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The ugly side to sole mandates

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Borrowed from Lea Jacobs :

In a recent article we noted that sellers who chose to market their properties under a sole mandate agreement could be better off than those who chose to use multiple agents to sell their homes.

It looks like we may have been wrong, and although the sole mandate route, when utilised correctly, may well be the way to go there are agents who are abusing the system.

“The practise of estate agents ‘buying’ sole mandates – which last reared its ugly head before the 2009 recession – is becoming prevalent again and causing market distortion in many parts of the country as well as significant financial losses for property sellers,” says Jan Davel, MD of the RealNet estate agency group. He explains that ‘buying’ a mandate is the practise of deliberately inflating the estimated selling price of a property in order to get the seller to award a sole mandate.

“This is happening again all over SA,” he says, “and what’s worse is that the biggest offenders are usually not inexperienced newcomers to the industry as one might expect, but well-seasoned agents in the employ of some of the biggest-name companies in the real estate industry.”

Rob Allen, principal of the RealNet franchise in Randburg, points out that sellers should be under no illusion that agents who overvalue their properties in order to secure their sole mandate will not cause them financial harm.

“We believe that securing mandates on this basis is thus tantamount to defrauding sellers. It is also causing sellers to lose confidence in agents in general and is doing damage to the real estate industry as a whole,” he says.

So why would an agent deliberately overprice a home to secure a sole mandate, knowing full well that there is little or no change of the property selling at that price, and how can sellers avoid these unethical individuals?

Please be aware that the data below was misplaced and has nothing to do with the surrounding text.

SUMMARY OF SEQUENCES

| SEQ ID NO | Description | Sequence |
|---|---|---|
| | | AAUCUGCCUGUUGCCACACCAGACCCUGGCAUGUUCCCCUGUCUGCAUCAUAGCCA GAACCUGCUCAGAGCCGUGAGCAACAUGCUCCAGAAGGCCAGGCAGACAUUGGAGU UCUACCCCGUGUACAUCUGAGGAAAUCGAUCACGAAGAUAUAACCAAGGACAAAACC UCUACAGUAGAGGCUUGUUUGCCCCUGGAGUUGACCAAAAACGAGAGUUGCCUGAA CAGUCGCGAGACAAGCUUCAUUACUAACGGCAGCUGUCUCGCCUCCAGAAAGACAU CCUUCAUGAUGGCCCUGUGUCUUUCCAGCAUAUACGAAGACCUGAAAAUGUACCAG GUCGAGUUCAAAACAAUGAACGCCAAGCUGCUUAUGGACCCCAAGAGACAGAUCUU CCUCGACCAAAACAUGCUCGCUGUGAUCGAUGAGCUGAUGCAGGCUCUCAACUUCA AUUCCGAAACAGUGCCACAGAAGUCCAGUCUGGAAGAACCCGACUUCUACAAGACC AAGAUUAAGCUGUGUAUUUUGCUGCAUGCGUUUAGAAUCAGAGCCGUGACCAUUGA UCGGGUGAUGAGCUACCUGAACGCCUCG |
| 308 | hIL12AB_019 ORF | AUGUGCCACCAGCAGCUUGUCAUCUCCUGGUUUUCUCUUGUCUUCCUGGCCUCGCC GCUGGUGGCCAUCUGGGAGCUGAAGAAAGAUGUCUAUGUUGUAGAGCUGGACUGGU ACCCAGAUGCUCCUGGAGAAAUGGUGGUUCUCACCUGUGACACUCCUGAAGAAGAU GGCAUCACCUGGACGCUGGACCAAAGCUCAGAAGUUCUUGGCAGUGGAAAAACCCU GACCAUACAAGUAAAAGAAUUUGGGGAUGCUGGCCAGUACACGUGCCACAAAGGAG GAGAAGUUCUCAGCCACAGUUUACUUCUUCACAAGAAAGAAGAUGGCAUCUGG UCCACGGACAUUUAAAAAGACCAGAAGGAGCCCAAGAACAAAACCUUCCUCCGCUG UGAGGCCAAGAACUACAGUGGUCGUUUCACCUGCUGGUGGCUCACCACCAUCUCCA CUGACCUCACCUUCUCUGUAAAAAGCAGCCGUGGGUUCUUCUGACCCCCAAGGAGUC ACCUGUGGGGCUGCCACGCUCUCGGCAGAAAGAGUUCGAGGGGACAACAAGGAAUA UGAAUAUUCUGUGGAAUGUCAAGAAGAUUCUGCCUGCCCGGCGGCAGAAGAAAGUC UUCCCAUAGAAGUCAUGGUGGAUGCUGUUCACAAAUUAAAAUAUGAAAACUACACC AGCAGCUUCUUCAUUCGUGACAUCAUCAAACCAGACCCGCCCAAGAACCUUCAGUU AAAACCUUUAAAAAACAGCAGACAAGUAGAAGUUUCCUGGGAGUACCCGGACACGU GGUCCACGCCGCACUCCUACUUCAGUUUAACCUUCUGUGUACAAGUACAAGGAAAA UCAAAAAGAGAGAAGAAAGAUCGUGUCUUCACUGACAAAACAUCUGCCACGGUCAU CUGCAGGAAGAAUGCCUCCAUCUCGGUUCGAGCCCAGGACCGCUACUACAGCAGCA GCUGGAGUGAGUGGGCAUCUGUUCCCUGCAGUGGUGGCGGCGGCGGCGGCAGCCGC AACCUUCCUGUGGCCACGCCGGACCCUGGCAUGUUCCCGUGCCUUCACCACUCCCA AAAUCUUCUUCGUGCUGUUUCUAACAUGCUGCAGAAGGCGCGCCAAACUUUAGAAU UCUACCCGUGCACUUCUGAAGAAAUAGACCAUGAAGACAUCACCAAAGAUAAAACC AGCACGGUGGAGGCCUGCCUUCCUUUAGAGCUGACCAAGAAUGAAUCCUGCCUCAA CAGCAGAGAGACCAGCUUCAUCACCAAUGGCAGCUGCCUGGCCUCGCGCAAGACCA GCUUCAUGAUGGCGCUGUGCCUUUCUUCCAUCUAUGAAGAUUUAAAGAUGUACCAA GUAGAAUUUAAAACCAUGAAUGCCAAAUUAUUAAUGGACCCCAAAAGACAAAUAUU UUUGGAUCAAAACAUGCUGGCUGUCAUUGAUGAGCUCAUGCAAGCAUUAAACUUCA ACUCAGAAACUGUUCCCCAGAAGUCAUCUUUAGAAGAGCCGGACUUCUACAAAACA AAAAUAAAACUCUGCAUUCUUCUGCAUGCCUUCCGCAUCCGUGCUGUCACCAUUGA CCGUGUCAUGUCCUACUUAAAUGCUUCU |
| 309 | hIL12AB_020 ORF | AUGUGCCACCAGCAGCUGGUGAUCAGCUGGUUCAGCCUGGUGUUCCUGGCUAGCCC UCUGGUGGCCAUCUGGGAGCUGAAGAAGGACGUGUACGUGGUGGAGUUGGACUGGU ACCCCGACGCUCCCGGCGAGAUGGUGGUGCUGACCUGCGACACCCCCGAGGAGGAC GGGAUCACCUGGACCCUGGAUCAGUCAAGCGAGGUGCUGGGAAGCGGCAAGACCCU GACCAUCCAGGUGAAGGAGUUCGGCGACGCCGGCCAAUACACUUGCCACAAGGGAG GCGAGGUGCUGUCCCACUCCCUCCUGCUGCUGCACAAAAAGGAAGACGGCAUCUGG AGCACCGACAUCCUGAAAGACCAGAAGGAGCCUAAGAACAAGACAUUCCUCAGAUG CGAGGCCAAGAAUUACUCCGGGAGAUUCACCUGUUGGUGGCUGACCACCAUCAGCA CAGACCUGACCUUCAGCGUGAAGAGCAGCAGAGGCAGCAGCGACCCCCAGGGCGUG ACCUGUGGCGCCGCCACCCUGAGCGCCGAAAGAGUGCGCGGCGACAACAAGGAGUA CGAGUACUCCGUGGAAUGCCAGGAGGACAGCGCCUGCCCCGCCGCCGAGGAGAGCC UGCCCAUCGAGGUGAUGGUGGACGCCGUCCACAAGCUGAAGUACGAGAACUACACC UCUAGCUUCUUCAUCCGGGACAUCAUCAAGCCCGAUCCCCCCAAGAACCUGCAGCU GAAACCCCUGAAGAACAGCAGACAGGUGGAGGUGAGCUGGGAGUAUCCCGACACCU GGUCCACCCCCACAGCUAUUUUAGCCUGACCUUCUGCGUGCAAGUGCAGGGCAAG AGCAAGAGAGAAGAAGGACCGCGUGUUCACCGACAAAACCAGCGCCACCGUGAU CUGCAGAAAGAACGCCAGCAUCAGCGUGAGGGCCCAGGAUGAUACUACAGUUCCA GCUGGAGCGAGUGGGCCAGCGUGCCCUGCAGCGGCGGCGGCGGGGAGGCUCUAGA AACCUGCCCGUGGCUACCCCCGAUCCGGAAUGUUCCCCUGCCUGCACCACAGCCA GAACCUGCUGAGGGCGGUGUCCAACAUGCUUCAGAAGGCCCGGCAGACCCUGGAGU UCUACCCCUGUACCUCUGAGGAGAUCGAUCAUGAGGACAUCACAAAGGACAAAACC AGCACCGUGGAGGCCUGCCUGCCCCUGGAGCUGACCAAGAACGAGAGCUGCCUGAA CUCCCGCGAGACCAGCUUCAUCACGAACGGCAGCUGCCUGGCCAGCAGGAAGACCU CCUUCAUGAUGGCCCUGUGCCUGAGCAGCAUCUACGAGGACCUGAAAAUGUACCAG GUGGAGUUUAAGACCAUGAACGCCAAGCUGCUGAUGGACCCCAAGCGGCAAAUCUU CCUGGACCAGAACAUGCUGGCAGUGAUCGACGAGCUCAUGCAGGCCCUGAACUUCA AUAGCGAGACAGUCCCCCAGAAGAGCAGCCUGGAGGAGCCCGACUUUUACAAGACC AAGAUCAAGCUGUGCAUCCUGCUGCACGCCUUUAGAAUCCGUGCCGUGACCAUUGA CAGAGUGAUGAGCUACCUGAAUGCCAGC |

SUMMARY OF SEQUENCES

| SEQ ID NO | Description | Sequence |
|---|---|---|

Ask any agent and they will tell you that in real estate speak, ‘he who has the most stock controls the market’. This makes perfect sense when you think like a buyer. An agency that can show that they have large numbers of property on their books exclusively is bound to impress. In the buyer’s mind, this indicates that the agency is highly successful in a particular area.

It needs to be made patently clear that sole mandates are an excellent selling tool – when used correctly. The problem, it now seems, is to identify which agents actually want to sell the home and which merely want to look good on paper.

As with any property valuation, it is highly advisable to get at least three comprehensive comparative market analysis (CMA) reports before putting the home on the market. These reports indicate how the agent has reached a selling figure by providing concrete evidence of (among other things) what has been sold in the area within a certain time period. It should also show what similar properties are currently for sale, and at what price.

Serious sellers who are intent on selling their homes in the shortest possible time need to heed these reports and price their properties accordingly. If presented with a much higher selling price, the seller needs to ask the agent to provide reasons and documented evidence as to how he has arrived at the higher valuation.

Sadly, as humans we are easily tempted, and having one agent validate our own ideas that the property is worth far more than others are saying it is often clinches the deal. The sole mandate is signed and…nothing – or very little – happens thereafter.

“It is a long-established fact that potential buyers will quickly lose interest in a property which is overpriced,” says Allen. It will then languish on the market until the seller, who was misguided by his agent’s original overvaluation, decides either to withdraw it or to drop the price significantly – and quite possibly below what he would have sold it for had it been priced correctly in the first place.

“Properties in our area that are correctly priced will now sell within four to six weeks,” says Allen. “However, if a property with a bond of R800 000, say, lingers on the market for an extra six months because the asking price is too high, it will cost the seller almost R42 000 in additional bond repayments that could have been spent on transfer costs, or repaying the bond on a new property.”

The problem is not exclusive to the larger centres in South Africa and many areas that attract large numbers of holidaymakers over the festive period are reporting the same unfortunate trend.

John Knight, co-principal of the RealNet franchise servicing the coveted holiday home destinations of Pringle Bay, Betty’s Bay and Kleinmond, says the practise of buying mandates is rife in these areas at the moment as rogue agents seek to “tie up stock and close everyone else out of the market during our busiest time of the year.”

Sellers, do your homework and deal with agents who can back up what they are saying with cold hard facts. Don’t, and you could end up sitting with a property that no one wants to buy, simply because the price isn’t right.

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